Effective Delivery of Cancer Vaccines with Oxidatively Photo-Inactivated Transgenic Leishmania for Tumor Immunotherapy in Mouse Models
Department of Microbiology/Immunology, Center for Cancer cell Biology, Immunology and Infection, Chicago Medical School/Rosalindfranklin University of Medicine and Science, 3333 Green Bay Rd, N Chicago, IL 60064, USA
Department of Chemistry, The Chinese University of Hong Kong, Shatin, N. T., Hong Kong
Department of Molecular Parasitology and Tropical Diseases, College of Medicine, Taipei Medical University, 250 Wu-Xing Street, Taipei, Taiwan
Division of Surgical Oncology & Developmental, Therapeutics, The Michael and Marian Ilitch Department of Surgery, Wayne State University, 4646 John R Road, Detroit, MI 48201, USA
Academic Editor: Tapan K Bera
Special Issue: Molecular Cancer Therapeutics
Received: December 29, 2019 | Accepted: February 21, 2020 | Published: February 24, 2020
OBM Genetics 2020, Volume 4, Issue 1, doi:10.21926/obm.genet.2001103
Recommended citation:Chang KP, Ng DKP, Fan CK, Batchu RB, Kolli BK. Effective Delivery of Cancer Vaccines with Oxidatively Photo-Inactivated Transgenic Leishmania for Tumor Immunotherapy in Mouse Models. OBM Genetics 2020; 4(1): 103; doi:10.21926/obm.genet.2001103.
© 2020 by the authors. This is an open access article distributed under the conditions of the Creative Commons by Attribution License, which permits unrestricted use, distribution, and reproduction in any medium or format, provided the original work is correctly cited.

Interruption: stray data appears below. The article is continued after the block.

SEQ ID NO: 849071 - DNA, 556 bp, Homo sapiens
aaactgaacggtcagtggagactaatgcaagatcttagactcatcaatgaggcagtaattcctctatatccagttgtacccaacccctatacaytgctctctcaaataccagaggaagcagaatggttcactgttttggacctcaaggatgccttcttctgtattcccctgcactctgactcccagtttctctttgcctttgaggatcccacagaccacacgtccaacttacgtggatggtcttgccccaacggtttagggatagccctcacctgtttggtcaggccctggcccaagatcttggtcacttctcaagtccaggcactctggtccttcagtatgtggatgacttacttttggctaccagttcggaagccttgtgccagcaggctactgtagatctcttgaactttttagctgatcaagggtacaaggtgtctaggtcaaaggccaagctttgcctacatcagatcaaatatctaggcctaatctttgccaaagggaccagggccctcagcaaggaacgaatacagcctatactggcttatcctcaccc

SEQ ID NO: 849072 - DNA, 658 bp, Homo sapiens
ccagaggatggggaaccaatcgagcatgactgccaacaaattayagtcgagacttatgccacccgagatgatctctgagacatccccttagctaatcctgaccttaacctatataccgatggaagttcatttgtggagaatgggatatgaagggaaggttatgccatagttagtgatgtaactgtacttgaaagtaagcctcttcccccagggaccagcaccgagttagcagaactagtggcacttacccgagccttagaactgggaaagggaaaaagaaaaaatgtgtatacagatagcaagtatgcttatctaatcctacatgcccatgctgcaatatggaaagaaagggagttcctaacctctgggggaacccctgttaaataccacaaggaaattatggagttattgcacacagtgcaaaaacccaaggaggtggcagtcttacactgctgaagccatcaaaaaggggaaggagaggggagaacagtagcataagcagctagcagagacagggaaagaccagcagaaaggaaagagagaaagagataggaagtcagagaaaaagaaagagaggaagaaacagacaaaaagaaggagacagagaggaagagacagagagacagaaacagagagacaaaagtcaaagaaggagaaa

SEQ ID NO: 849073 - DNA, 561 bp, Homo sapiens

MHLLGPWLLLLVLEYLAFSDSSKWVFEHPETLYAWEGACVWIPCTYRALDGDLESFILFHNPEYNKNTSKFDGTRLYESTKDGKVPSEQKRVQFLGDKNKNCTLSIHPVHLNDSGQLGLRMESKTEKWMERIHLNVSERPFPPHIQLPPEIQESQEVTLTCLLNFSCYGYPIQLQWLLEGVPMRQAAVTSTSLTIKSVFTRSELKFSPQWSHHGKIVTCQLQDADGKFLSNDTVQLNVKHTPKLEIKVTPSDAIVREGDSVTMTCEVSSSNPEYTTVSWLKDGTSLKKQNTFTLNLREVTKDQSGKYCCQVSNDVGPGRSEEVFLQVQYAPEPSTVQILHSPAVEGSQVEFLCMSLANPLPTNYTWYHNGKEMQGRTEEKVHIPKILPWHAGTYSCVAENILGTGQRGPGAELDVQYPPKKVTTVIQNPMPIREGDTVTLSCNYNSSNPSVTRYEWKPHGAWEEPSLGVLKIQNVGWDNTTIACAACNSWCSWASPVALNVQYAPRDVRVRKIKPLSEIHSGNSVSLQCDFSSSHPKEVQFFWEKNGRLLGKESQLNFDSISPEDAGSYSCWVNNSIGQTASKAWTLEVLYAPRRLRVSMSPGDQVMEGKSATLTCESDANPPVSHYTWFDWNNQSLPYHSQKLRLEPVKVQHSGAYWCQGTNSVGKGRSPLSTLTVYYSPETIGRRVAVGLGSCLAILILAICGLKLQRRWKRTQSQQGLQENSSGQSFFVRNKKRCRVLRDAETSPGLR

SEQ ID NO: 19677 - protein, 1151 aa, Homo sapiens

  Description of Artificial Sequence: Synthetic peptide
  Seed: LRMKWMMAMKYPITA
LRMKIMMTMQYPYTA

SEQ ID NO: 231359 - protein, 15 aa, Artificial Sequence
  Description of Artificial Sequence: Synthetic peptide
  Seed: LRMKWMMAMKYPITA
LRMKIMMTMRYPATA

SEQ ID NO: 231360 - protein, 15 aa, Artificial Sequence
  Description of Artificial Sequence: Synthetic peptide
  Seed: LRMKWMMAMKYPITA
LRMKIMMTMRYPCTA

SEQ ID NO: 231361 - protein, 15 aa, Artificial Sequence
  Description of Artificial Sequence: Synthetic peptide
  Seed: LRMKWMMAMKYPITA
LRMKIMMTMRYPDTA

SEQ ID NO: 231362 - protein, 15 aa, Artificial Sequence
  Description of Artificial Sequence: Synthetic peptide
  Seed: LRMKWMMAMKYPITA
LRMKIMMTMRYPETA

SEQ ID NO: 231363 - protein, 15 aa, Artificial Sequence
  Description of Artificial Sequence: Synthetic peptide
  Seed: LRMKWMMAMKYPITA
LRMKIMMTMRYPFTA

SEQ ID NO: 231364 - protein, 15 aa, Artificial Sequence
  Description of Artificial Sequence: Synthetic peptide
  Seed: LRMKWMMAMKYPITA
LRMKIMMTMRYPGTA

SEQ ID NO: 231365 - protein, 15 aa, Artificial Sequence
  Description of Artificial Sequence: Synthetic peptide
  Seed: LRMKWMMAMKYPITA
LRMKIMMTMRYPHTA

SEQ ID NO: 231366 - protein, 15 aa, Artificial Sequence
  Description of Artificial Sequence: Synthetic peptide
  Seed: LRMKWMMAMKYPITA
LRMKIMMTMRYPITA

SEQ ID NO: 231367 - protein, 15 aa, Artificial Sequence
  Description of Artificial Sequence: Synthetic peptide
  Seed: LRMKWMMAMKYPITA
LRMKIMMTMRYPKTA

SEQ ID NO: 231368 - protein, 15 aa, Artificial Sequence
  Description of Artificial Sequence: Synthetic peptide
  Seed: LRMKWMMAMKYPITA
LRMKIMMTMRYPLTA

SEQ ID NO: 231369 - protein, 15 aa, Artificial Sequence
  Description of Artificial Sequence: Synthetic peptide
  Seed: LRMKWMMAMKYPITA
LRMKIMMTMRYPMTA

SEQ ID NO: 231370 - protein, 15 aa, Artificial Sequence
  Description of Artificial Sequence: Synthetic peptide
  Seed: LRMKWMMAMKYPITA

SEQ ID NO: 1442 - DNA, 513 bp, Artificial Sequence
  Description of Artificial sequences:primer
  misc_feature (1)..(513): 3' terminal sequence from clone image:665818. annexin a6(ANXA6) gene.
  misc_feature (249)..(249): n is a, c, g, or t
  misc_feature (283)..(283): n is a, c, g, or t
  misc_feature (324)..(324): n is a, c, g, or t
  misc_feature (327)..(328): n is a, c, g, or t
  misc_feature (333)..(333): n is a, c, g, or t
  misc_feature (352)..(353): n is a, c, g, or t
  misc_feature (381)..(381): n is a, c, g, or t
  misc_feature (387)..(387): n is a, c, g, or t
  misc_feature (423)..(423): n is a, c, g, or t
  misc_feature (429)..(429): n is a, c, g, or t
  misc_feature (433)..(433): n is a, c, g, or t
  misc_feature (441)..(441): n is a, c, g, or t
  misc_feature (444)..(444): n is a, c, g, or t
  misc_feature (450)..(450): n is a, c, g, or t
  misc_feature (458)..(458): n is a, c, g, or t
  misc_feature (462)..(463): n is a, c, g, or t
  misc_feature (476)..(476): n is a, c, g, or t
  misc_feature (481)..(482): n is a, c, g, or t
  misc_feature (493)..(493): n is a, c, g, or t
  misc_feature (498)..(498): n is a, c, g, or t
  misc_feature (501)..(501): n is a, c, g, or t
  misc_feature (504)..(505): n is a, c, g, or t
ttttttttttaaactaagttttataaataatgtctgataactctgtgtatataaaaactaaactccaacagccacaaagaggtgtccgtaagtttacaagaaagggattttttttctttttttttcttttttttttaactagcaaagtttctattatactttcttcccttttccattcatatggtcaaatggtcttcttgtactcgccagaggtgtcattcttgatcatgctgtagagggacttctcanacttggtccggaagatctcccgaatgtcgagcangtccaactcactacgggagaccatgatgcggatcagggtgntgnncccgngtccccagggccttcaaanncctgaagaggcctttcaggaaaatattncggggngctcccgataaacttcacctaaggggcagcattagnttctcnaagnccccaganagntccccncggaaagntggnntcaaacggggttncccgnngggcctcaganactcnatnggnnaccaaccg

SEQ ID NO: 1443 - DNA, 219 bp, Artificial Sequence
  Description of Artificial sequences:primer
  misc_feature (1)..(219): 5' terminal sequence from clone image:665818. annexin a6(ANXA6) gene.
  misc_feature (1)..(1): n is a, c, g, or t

Antigen-specific vaccination remains to be an option for tumor immunotherapy. Delivery of vaccines for this approach includes the strategies of using attenuated bacterial and viral constructs, e.g. Listeria [1,2] and Vaccinia . Leishmania are parasitic protozoa, which are uniquely favorable for use as a universal platform to deliver vaccines for disease prevention and therapy [4,5]. Of particular interest are human cutaneous Leishmania, which causes innocuous, self-resolving skin infection . Life-long immunity develops after its spontaneous cure, indicative of not only the presence of Leishmania-specific vaccine molecules against leishmaniasis but also adjuvanticity critical for effective vaccination against this and other diseases, e.g. malignancy. Leishmania are equipped with eukaryotic translational machineries and post-translational mechanisms for correct expression of multiple transgenic vaccines in abundance, thereby enabling them to serve as a carrier of high efficiency. Additionally, Leishmania are endowed with multifarious molecules to protect endogenous vaccines and target them specifically to antigen presenting cells (APC), i.e. dendritic cells (DC) and macrophages – the exclusive host cells for the residence of these parasites in natural infection. Attributable to these vaccine-protection and APC-homing properties are their surface lipoglycoconjugates, contributing to Leishmania adjuvanticity for effective vaccination. Leishmania are intrinsically safe. They produce no toxins [7,8] and show no human toxicity when used extensively after chemical or physical inactivation of whole cells in Leishmanin skin test for delayed type hypersensitivity and in several large scale vaccine trial attempts .